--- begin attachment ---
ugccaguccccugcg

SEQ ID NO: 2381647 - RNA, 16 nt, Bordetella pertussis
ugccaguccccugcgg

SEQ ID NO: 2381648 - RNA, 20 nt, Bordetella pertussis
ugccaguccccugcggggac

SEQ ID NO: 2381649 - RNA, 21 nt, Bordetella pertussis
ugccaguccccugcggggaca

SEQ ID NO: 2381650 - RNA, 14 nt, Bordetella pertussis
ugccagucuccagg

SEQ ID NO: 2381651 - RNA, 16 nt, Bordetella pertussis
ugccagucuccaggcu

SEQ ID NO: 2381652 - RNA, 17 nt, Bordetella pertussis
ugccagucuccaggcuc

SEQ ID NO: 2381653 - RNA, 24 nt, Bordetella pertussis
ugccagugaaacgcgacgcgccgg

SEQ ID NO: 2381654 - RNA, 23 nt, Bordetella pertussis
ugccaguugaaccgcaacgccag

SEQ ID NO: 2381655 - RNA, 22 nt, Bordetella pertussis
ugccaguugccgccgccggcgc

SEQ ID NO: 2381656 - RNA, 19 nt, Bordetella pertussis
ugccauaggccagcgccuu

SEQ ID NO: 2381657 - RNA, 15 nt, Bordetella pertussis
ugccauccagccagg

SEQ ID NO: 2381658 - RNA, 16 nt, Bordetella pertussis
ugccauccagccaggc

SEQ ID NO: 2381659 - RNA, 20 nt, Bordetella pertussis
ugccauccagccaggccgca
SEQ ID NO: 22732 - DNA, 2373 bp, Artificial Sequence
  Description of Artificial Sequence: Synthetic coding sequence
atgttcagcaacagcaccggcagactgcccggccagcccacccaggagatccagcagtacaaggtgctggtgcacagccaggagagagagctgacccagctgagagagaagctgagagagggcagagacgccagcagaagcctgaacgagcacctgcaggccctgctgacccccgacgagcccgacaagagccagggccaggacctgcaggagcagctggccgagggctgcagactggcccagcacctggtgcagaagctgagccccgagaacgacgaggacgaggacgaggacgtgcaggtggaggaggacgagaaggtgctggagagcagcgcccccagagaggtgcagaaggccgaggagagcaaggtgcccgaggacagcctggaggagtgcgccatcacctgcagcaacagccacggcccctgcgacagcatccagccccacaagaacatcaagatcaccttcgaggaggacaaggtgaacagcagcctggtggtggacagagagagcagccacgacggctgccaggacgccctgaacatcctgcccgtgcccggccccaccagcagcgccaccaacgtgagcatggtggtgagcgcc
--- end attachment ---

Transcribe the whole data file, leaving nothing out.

ugccaguccccugcg

SEQ ID NO: 2381647 - RNA, 16 nt, Bordetella pertussis
ugccaguccccugcgg

SEQ ID NO: 2381648 - RNA, 20 nt, Bordetella pertussis
ugccaguccccugcggggac

SEQ ID NO: 2381649 - RNA, 21 nt, Bordetella pertussis
ugccaguccccugcggggaca

SEQ ID NO: 2381650 - RNA, 14 nt, Bordetella pertussis
ugccagucuccagg

SEQ ID NO: 2381651 - RNA, 16 nt, Bordetella pertussis
ugccagucuccaggcu

SEQ ID NO: 2381652 - RNA, 17 nt, Bordetella pertussis
ugccagucuccaggcuc

SEQ ID NO: 2381653 - RNA, 24 nt, Bordetella pertussis
ugccagugaaacgcgacgcgccgg

SEQ ID NO: 2381654 - RNA, 23 nt, Bordetella pertussis
ugccaguugaaccgcaacgccag

SEQ ID NO: 2381655 - RNA, 22 nt, Bordetella pertussis
ugccaguugccgccgccggcgc

SEQ ID NO: 2381656 - RNA, 19 nt, Bordetella pertussis
ugccauaggccagcgccuu

SEQ ID NO: 2381657 - RNA, 15 nt, Bordetella pertussis
ugccauccagccagg

SEQ ID NO: 2381658 - RNA, 16 nt, Bordetella pertussis
ugccauccagccaggc

SEQ ID NO: 2381659 - RNA, 20 nt, Bordetella pertussis
ugccauccagccaggccgca
SEQ ID NO: 22732 - DNA, 2373 bp, Artificial Sequence
  Description of Artificial Sequence: Synthetic coding sequence
atgttcagcaacagcaccggcagactgcccggccagcccacccaggagatccagcagtacaaggtgctggtgcacagccaggagagagagctgacccagctgagagagaagctgagagagggcagagacgccagcagaagcctgaacgagcacctgcaggccctgctgacccccgacgagcccgacaagagccagggccaggacctgcaggagcagctggccgagggctgcagactggcccagcacctggtgcagaagctgagccccgagaacgacgaggacgaggacgaggacgtgcaggtggaggaggacgagaaggtgctggagagcagcgcccccagagaggtgcagaaggccgaggagagcaaggtgcccgaggacagcctggaggagtgcgccatcacctgcagcaacagccacggcccctgcgacagcatccagccccacaagaacatcaagatcaccttcgaggaggacaaggtgaacagcagcctggtggtggacagagagagcagccacgacggctgccaggacgccctgaacatcctgcccgtgcccggccccaccagcagcgccaccaacgtgagcatggtggtgagcgcc